for 2 x ten inch round tins I use the quantities below

 

cream 1 lb of sugar with 1 lb of spreadable butter

 

add 1 lb of self raising flour, 8 eggs, about 4oz of coco {I usually add to taste}, half tspn of baking powder and half tspn of bicarbonate of soda, 2 tbl spoons of golden syrup and 2 tbl spoons  of milk 

 

divide between the two pans and bake at 180oc until firm.

CookieNibz Posted 11 Feb 2015 , 1:31pm
post #24 of 26

A

Original message sent by argylealice

Hi I don't know if my favourite chocolate cake recipe will be any good to you as it is a uk recipe in pounds and ounces but it is a great moist scratch cake that I have made many times and is ideal for covering and stacking.

for 2 x ten inch round tins I use the quantities below

cream 1 lb of sugar with 1 lb of spreadable butter

add 1 lb of self raising flour, 8 eggs, about 4oz of coco {I usually add to taste}, half tspn of baking powder and half tspn of bicarbonate of soda, 2 tbl spoons of golden syrup and 2 tbl spoons  of milk 

divide between the two pans and bake at 180oc until firm.

Is the golden syrup (corn syrup in US) the only sugar content? Thanks for sharing!

I recently was looking for a "scratch" chocolate recipe & decided on trying the recipe on a Hershey's can of cocoa. It was moist & delicious!!! I only subbed the boiling water with freshly brewed expresso instead. Tasted wonderful!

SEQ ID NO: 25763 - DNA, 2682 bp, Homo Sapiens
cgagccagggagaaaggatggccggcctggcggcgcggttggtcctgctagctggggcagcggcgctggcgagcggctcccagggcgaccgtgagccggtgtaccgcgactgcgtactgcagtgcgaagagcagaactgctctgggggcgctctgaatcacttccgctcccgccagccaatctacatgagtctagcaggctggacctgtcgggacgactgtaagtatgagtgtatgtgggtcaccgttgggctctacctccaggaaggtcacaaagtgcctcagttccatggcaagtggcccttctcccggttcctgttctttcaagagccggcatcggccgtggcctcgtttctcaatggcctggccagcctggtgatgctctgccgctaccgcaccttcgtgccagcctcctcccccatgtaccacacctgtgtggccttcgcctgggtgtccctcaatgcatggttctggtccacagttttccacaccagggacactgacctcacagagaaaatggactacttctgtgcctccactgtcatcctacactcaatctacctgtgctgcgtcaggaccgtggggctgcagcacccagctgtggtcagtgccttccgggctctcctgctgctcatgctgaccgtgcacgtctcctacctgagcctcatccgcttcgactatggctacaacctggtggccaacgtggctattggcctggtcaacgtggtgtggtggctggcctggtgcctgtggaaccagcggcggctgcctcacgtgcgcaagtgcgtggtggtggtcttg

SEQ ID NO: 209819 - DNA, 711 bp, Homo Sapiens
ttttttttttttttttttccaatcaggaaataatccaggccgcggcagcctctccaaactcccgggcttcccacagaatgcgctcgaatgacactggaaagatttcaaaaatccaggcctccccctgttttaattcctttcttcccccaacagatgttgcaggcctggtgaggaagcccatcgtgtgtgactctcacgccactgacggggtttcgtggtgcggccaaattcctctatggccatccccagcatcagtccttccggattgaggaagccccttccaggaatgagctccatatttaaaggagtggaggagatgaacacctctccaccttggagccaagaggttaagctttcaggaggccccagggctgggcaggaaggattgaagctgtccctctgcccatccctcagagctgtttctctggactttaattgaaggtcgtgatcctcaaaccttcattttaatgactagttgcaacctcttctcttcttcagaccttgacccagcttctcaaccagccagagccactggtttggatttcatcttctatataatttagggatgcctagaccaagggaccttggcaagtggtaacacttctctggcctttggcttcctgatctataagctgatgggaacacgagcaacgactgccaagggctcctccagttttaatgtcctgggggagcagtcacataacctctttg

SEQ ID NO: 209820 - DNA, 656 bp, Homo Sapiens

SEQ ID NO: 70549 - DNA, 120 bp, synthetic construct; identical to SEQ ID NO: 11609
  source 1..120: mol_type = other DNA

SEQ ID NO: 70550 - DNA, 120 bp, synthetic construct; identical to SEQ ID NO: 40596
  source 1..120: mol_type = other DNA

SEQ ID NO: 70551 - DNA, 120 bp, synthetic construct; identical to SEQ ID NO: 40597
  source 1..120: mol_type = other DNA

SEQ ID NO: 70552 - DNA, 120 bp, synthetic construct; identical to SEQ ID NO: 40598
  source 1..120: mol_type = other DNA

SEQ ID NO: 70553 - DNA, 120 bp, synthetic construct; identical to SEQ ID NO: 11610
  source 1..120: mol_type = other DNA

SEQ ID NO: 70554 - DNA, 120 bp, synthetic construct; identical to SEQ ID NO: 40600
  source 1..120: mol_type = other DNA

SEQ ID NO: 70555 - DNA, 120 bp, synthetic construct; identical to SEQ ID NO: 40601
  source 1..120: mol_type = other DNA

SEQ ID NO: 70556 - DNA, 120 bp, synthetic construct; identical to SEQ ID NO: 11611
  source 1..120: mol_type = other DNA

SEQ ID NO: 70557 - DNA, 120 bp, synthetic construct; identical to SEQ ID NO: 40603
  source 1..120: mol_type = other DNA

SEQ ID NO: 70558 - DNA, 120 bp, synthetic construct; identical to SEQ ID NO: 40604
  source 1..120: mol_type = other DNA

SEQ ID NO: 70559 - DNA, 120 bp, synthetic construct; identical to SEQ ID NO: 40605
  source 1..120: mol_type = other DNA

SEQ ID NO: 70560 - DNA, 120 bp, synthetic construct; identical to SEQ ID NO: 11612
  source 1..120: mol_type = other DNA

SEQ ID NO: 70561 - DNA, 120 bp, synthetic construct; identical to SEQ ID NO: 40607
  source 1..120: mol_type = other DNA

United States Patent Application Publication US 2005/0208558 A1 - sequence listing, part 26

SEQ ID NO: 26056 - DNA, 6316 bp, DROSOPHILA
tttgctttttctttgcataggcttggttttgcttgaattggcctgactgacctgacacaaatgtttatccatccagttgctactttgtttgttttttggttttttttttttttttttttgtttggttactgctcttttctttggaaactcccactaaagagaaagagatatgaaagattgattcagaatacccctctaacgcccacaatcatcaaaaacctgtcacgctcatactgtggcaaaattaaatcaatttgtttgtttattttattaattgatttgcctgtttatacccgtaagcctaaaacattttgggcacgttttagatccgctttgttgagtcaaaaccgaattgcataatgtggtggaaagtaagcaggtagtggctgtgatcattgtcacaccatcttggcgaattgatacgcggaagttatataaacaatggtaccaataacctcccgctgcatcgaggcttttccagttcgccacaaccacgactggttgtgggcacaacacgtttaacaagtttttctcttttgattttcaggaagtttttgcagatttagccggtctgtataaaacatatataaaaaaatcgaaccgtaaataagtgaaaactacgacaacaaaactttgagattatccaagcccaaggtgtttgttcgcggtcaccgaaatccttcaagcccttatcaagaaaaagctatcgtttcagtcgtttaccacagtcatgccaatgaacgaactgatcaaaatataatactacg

Dr_Hfuhruhurr Posted 11 Feb 2015 , 3:17pm
post #25 of 26

Quote:

Originally Posted by rociodbb 
 

Hi!

Sorry to highjack your thread, but I was wondering how would you describe the cakes you tried if you had to cover them in fondant. Which one would be firm enough to tort, fill and cover (fondant)?
I would really appreciate your help!!!


Frankly, I think any of them would be fine with fondant. The Hersheys recipe is a little "springy"/soft, so you'll want to make sure you ice it properly, but I think it would work just fine. Having said that, I think the Artisan recipe and Macsmom's recipe would probably hold up even better under fondant. They were the most dense of the cakes I tried. Hope that helps!

argylealice Posted 11 Feb 2015 , 3:36pm
post #26 of 26


Hi

 

i think you can use corn syrup as a replacement for golden syrup but the taste may be slightly different.